Basalt fire chief Scott Thompson, part of a 10-person panel assembled May 6 at Basalt High School, spoke to an audience of more than 50 people about steps the town has taken in the last 10 months to address the past and future impacts of the Lake Christine Fire.
Thompson noted efforts the town and other entities have made to manage flooding and debris flow on Basalt Mountain, and he stressed the need for preparedness on the part of both his crew and homeowners for the next time an emergency happens. Near the end of his talk, Thompson mentioned that his department has already responded to three wildfire calls this year.
“I can tell that people are still nervous,” he said. “We haven’t forgotten last summer.”
What happened last summer, of course, was that two people shooting incendiary tracer bullets at the Basalt Public Shooting Range near Lake Christine ignited a wildfire that burned 12,588 acres on the forested slopes of Basalt Mountain, destroyed three homes and very nearly overran the El Jebel Mobile Home Park. In addition to those immediate impacts, the fire also greatly increased the risk of flooding throughout the burned area and downstream this spring. So, if people seem nervous, there’s a good reason for it.
That understandable anxiety was a big part of why the Basalt-based Roaring Fork Conservancy decided to host the panel discussion in the first place. Local residents, especially those near the affected zones, have been eager to learn about the flood risk and what is being done about it, and most anyone who has looked up at the charred slopes above Basalt has likely been curious about revegetation efforts.
Complicated fire, large team
The public got their answers Monday night from a slate of acronymic speakers representing the U.S. Forest Service (USFS), the National Flood Insurance Program (NFIP), Colorado Parks and Wildlife (CPW), Natural Resources Conservation Service (NRCS), the Town of Basalt and Eagle County. The size of the team working on the burned area reflects the complicated nature of the fire itself, which burned land lying in the town, the county, the CPW’s Basalt State Wildlife Area (SWA), the White River National Forest (WRNF) and Bureau of Land Management (BLM) acreage.
The event, moderated by Roaring Fork Conservancy (RFC) Executive Director Rick Lofaro, began with a moment of silence for Tyler Ribich, the Basalt High School student killed in a car accident just three nights earlier.
After Lofaro’s opening comments, first up were USFS civil engineer Steve Hunter and WRNF ecologist Liz Roberts, who talked about how the Burned Area Emergency Response (BAER) began even before the fire was contained and continued up until the ground froze. This spring, the USFS has been doing additional revegetation, and thanks to winter’s abundant snowfall, “there already is a lot of natural recovery happening,” according to Roberts.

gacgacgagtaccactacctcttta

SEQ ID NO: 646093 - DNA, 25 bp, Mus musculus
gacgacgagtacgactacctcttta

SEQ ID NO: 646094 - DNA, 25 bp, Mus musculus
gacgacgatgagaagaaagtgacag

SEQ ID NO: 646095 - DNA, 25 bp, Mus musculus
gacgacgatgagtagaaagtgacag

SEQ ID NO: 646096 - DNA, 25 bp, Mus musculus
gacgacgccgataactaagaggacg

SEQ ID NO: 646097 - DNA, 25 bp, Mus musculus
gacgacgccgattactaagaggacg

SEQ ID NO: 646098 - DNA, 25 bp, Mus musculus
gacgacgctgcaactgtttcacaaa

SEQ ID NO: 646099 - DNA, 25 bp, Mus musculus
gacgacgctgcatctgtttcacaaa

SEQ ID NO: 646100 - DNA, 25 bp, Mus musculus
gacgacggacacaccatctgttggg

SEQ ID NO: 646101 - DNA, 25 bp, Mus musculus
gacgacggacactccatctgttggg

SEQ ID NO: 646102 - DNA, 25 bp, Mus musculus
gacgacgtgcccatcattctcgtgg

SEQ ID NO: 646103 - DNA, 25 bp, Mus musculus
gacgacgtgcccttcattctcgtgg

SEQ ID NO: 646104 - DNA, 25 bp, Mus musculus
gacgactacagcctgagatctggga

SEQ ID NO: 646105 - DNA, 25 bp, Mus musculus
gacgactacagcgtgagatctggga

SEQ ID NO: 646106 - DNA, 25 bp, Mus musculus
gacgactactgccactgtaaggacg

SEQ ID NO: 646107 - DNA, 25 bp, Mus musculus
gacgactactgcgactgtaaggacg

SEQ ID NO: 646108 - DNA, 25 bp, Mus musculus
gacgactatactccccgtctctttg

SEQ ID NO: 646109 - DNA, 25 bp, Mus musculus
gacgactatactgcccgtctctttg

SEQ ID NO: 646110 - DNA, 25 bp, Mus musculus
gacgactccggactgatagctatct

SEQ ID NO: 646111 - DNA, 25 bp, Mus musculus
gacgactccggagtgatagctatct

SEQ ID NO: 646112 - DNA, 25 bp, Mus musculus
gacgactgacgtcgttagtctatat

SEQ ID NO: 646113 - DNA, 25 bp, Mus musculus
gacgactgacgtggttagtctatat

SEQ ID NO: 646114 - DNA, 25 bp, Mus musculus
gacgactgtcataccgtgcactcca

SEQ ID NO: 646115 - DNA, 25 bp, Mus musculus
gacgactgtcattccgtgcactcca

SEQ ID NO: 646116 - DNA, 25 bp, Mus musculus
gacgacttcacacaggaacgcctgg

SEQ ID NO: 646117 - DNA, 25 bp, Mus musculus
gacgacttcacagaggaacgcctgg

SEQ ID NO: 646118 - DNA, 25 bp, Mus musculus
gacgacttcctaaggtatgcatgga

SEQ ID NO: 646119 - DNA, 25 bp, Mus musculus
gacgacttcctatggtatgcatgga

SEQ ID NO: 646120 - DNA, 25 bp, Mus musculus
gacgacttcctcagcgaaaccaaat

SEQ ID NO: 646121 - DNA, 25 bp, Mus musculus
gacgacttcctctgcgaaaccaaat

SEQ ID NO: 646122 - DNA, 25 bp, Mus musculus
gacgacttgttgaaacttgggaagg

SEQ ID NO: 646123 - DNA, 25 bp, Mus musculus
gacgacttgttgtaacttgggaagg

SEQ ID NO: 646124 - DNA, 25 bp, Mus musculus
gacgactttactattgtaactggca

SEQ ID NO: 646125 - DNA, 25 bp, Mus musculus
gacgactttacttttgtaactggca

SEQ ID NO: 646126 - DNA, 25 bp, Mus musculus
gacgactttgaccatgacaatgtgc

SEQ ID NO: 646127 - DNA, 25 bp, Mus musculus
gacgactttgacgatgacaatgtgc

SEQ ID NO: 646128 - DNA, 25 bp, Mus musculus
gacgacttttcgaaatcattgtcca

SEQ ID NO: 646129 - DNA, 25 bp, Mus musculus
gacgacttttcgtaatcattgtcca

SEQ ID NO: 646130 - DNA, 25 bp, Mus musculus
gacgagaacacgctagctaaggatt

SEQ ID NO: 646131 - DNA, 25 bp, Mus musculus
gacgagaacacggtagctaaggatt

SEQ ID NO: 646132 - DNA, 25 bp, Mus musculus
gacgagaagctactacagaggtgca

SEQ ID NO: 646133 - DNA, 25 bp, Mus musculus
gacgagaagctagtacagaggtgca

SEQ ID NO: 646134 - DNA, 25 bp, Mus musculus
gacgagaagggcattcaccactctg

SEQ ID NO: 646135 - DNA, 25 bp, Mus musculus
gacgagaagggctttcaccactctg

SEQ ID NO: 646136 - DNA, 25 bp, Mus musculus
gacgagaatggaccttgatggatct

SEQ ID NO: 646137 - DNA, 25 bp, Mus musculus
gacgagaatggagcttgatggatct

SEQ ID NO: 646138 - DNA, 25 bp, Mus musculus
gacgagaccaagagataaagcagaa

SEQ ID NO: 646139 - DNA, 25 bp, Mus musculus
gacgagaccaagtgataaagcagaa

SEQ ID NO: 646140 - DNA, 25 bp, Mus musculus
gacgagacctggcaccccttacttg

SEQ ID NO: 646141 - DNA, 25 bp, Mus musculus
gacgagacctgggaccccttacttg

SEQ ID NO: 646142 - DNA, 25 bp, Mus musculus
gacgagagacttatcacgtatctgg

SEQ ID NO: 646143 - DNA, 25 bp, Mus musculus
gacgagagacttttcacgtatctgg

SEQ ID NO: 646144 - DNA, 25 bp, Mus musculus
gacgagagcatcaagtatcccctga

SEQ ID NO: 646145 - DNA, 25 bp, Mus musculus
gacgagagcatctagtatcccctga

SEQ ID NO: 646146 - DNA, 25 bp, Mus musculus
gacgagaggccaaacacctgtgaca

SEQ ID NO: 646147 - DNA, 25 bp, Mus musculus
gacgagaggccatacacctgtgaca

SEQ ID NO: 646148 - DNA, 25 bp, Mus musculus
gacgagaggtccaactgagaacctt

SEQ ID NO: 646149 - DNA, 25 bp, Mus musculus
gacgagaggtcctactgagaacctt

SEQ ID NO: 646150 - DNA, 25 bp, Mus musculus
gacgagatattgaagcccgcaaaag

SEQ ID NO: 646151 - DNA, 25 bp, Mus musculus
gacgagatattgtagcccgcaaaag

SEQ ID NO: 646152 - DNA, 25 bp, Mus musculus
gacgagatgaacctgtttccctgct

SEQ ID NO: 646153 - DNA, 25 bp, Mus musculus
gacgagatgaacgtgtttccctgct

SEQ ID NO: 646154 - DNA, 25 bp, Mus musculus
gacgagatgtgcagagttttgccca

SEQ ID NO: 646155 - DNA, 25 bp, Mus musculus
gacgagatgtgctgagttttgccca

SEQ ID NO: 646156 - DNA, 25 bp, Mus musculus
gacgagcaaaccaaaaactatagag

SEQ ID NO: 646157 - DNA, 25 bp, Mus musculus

Next to speak was NFIP Bureau & Statistical Agent Erin May, who stressed the importance of flood insurance and noted that, due to the destruction of soil-anchoring vegetation by the fire, the flood risk in the area will be higher for the next decade.
May was followed by Basalt Town Manager Ryan Mahoney, who discussed the town’s involvement in mitigation and revegetation efforts and the costs involved. Fortunately, the NRCS is covering 75 percent of the bill, with the state picking up another 12.5 percent. Regarding flood risk, he assured the audience, “if you weren’t contacted, you’re in no imminent danger.”
The next two speakers, NRCS District Conservationist Stephen Jaouen and CPW District Wildlife Manager Matt Yamashita, spoke about efforts to combat noxious weeds and revegetate the area with native grasses and brush, including 625 acres that have been reseeded by airplane.
Thompson, who oversees the combined district Roaring Fork Fire, followed, and then two law-enforcement officials, Eagle County Sheriff James van Beek and Basalt Police Chief Greg Knott, reiterated the overarching importance of signing up for alert notifications from Eagle, Pitkin or Garfield counties, calling it the most important step people can take to keep themselves safe.
Last to speak was Eagle County Emergency Manager Birch Barron, who talked about the county’s emergency preparedness while exhorting the audience to take all the safety measures they can personally.
“What we can do has limits,” he said. Barron called the risk of flood debris in and below the burn scar “eye-opening” and said that anyone who thinks they might be at risk should go to the USGS post-fire debris-flow hazards page and click on the Lake Christine Fire icon on the map. There, they’ll find a color-coded map showing the specific risks for each area of the burn zone.
Barron wrapped up his talk by calling on everyone listening to think about their own emergency plans. “If you were cut off from help, do you have the equipment – fire extinguishers, defensible space, food, water – to keep your family safe?” he asked. “Take these things seriously.”
The evening concluded with a question-and-answer period featuring inquiries from the audience that mostly clarified and expanded upon points that had already come up. Much of the talk involved dangers and risk, but despite the anxious nature of the subject matter, the mood was upbeat and the news wasn’t all bad.
“I’ve been up in the burned area a number of times,” said Lofaro. “People expect it to be like this charred moonscape, but it’s not that. It’s vibrant and green and really encouraging.”